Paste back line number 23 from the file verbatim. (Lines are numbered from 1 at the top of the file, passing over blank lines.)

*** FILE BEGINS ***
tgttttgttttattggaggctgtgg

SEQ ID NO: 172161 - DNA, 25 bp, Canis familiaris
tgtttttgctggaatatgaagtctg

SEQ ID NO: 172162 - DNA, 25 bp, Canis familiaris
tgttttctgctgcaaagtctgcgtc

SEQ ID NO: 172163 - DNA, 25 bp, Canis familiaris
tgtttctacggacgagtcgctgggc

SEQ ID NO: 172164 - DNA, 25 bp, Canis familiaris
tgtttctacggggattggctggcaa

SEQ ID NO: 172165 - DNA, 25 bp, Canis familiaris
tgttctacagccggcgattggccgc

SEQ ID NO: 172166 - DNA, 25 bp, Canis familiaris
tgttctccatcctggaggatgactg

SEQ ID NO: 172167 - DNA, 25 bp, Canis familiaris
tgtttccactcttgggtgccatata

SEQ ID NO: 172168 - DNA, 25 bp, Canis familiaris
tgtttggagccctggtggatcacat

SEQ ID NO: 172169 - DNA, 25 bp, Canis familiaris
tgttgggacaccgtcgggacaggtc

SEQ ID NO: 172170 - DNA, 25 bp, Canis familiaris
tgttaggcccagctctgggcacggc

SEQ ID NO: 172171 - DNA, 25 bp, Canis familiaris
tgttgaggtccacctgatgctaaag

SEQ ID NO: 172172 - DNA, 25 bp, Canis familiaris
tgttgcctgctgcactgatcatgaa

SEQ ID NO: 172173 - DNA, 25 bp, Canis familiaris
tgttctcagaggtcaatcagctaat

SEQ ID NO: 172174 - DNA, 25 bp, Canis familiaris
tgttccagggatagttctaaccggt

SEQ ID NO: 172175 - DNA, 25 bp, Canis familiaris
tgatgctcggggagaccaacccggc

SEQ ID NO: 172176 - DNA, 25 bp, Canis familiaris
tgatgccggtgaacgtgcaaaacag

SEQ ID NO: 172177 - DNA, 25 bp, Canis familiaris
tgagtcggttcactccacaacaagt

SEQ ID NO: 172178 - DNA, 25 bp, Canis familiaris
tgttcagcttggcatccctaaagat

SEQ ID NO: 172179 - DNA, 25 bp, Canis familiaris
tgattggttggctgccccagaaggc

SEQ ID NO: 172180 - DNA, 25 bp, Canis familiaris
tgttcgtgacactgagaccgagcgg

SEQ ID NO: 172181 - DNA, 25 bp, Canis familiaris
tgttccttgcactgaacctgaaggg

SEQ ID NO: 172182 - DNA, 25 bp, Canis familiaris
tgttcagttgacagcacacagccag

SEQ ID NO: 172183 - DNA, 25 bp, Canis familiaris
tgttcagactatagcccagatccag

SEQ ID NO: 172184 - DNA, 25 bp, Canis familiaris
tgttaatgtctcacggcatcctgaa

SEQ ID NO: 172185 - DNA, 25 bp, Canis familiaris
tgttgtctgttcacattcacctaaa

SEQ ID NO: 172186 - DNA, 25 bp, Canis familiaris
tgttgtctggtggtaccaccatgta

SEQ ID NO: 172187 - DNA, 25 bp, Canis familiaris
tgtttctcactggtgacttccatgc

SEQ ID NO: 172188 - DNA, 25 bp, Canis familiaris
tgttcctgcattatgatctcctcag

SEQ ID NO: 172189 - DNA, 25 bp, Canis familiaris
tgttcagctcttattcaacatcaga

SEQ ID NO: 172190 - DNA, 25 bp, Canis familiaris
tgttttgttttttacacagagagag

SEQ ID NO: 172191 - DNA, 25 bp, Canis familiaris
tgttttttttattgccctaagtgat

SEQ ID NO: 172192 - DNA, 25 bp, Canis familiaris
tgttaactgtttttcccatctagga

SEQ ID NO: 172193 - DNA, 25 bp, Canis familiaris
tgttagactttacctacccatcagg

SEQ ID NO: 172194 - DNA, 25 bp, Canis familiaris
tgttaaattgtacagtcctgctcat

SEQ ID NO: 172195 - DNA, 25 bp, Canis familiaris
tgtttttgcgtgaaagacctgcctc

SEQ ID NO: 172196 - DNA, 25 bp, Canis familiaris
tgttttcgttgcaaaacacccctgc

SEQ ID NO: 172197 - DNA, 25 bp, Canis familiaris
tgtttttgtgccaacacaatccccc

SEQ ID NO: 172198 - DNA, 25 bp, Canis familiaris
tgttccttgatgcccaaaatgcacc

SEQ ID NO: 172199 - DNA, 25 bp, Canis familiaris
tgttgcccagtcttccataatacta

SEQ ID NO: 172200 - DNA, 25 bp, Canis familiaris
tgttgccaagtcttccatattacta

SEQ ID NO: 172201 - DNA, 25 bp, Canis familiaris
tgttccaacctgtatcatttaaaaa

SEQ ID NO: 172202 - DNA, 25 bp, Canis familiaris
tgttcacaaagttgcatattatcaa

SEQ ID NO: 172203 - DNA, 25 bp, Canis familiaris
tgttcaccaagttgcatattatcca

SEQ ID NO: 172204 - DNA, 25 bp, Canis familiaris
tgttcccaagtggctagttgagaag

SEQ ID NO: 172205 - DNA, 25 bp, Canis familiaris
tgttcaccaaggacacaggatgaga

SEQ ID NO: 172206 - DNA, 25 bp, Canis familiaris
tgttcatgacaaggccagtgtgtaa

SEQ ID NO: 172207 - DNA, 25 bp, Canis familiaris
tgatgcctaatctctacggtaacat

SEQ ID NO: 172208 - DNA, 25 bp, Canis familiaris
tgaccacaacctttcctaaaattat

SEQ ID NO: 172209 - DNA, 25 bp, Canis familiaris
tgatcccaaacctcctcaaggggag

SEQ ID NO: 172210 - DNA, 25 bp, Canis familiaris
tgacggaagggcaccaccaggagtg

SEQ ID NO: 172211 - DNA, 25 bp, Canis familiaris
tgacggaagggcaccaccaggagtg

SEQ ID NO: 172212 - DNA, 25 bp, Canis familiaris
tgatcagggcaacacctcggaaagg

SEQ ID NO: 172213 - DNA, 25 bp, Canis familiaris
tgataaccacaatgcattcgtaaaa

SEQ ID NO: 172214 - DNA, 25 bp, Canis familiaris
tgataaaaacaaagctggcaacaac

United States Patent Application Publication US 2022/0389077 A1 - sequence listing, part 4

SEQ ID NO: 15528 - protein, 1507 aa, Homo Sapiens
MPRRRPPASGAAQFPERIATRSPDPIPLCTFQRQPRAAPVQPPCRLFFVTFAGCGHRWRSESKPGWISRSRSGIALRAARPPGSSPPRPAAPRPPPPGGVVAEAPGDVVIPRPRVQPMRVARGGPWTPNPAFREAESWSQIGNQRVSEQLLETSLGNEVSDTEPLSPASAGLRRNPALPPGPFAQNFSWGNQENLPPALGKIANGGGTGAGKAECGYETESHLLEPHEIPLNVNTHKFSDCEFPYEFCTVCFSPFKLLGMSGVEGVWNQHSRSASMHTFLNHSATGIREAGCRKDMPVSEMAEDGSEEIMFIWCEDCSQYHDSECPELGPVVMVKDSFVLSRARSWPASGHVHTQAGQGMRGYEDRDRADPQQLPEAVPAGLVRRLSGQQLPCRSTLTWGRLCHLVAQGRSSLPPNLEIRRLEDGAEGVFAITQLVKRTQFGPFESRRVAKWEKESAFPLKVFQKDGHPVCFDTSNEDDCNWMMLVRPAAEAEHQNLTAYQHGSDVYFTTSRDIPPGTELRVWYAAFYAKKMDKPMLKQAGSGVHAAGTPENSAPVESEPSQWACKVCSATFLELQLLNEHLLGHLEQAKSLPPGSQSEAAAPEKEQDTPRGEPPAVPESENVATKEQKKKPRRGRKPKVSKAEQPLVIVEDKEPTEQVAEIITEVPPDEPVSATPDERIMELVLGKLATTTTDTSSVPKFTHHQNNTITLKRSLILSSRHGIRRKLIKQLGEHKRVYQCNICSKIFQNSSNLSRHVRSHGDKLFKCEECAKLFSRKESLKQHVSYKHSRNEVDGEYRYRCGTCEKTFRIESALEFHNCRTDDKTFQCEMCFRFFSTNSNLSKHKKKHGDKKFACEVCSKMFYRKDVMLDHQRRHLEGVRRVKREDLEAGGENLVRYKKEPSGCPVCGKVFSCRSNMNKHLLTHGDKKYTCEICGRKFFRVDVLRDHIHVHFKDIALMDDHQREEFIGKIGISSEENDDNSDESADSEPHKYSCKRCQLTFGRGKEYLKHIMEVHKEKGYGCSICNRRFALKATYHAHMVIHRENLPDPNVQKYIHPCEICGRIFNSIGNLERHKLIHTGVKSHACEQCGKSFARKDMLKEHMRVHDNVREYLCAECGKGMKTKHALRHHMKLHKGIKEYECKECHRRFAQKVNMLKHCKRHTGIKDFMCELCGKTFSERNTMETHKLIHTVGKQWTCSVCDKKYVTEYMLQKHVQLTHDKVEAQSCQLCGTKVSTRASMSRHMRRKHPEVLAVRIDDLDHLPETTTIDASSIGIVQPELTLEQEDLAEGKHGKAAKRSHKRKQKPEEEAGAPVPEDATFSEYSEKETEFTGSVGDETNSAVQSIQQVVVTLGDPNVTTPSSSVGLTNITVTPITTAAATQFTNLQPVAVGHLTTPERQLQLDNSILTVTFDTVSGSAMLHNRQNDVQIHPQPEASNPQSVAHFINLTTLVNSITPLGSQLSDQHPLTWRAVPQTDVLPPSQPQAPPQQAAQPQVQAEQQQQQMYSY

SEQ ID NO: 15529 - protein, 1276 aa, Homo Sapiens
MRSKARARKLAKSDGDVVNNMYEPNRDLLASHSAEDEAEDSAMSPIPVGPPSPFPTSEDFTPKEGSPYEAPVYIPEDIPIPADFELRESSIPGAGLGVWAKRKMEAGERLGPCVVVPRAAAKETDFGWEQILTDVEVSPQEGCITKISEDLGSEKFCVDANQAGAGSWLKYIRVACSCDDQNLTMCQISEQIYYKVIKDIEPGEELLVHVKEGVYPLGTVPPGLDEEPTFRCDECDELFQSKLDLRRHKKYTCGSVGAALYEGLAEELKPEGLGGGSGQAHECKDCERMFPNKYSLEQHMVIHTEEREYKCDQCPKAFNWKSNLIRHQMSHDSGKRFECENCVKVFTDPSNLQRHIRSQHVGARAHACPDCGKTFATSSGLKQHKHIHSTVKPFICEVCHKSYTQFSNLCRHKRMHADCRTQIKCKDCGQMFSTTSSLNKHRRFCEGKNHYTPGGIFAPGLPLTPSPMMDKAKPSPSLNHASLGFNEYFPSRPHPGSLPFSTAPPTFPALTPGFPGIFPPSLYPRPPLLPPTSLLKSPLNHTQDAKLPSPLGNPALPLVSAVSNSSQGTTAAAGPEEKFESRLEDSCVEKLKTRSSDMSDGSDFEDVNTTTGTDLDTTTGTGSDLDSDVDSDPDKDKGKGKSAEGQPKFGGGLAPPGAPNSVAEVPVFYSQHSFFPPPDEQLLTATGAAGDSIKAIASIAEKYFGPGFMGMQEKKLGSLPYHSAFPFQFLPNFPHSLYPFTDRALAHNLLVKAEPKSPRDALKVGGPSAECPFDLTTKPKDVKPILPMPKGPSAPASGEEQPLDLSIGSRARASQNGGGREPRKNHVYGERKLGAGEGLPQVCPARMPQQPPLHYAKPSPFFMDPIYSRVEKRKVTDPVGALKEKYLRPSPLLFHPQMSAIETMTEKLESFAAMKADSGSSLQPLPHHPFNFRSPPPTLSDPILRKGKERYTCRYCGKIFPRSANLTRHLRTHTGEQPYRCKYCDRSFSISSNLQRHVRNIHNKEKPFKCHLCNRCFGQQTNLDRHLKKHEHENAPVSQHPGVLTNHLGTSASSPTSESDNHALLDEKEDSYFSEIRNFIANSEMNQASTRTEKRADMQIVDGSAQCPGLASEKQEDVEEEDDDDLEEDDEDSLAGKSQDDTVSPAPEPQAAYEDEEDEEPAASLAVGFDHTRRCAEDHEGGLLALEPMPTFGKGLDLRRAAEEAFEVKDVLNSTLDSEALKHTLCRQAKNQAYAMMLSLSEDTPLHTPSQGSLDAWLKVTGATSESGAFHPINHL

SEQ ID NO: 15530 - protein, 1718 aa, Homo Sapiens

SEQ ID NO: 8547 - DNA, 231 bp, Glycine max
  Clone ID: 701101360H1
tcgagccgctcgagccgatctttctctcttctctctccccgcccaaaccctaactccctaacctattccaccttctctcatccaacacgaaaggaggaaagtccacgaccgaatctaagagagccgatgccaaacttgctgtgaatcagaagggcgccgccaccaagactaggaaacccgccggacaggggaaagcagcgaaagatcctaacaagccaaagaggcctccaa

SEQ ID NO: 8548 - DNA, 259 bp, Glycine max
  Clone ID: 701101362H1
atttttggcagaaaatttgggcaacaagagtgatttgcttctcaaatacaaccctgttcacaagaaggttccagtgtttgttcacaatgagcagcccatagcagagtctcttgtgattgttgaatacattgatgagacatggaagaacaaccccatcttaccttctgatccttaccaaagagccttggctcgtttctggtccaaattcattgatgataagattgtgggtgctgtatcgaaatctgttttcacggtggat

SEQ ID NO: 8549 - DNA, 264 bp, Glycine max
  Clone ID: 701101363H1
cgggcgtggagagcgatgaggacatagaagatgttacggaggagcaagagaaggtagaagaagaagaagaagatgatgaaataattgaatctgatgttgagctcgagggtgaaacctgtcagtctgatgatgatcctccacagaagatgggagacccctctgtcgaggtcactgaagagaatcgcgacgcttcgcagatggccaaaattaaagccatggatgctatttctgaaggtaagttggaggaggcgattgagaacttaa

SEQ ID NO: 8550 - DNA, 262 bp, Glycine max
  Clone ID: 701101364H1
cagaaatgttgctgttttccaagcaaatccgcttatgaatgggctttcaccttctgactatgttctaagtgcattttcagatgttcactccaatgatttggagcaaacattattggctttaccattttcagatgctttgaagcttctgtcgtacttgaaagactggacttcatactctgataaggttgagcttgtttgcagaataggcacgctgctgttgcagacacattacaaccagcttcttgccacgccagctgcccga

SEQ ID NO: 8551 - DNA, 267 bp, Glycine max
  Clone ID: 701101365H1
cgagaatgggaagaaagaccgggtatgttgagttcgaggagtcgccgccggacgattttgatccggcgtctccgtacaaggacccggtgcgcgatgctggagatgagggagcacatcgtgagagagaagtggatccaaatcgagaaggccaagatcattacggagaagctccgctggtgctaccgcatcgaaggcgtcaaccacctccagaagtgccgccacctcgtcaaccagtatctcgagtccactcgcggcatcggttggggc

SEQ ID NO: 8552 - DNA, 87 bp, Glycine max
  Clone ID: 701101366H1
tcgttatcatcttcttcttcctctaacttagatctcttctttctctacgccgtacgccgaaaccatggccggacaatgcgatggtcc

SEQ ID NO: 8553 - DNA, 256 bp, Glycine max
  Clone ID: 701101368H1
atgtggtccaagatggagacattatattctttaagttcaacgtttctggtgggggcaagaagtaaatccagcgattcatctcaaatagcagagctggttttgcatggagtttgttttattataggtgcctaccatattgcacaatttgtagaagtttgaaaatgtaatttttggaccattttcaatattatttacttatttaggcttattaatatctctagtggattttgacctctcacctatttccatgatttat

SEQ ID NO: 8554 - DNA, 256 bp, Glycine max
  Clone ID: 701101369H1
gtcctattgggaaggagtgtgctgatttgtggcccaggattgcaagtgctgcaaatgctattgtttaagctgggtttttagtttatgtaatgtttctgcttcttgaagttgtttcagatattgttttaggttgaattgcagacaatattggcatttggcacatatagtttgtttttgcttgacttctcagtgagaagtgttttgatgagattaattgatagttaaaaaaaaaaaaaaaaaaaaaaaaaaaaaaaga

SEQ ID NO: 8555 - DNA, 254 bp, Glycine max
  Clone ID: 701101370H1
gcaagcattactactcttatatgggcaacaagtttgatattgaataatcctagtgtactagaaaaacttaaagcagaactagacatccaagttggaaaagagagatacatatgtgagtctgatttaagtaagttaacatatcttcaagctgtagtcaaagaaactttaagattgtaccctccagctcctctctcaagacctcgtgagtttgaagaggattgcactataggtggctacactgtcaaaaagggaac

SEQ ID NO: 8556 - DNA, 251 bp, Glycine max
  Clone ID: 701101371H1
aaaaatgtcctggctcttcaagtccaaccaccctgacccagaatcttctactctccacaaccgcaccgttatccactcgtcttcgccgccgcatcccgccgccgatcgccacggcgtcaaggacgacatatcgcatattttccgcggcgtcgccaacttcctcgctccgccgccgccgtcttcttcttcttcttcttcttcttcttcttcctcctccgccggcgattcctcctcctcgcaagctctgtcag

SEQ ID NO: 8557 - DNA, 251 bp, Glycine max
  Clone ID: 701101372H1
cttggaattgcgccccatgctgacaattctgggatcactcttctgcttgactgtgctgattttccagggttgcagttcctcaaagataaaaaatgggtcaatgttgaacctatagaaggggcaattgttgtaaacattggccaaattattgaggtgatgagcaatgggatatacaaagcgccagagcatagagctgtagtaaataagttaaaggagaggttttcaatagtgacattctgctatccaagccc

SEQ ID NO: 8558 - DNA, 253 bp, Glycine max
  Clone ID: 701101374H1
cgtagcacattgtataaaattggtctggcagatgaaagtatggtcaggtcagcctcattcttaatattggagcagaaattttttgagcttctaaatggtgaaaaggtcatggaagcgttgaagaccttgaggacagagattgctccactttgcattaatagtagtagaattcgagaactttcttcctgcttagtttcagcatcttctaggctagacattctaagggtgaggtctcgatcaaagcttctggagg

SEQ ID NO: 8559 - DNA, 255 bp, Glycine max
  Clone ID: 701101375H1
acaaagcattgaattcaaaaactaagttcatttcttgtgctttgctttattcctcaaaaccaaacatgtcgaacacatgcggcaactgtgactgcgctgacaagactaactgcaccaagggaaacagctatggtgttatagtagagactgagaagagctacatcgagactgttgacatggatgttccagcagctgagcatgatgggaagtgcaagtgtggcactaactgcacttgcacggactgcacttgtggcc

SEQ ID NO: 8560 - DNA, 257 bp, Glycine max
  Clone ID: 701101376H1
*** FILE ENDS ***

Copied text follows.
tgttgaggtccacctgatgctaaag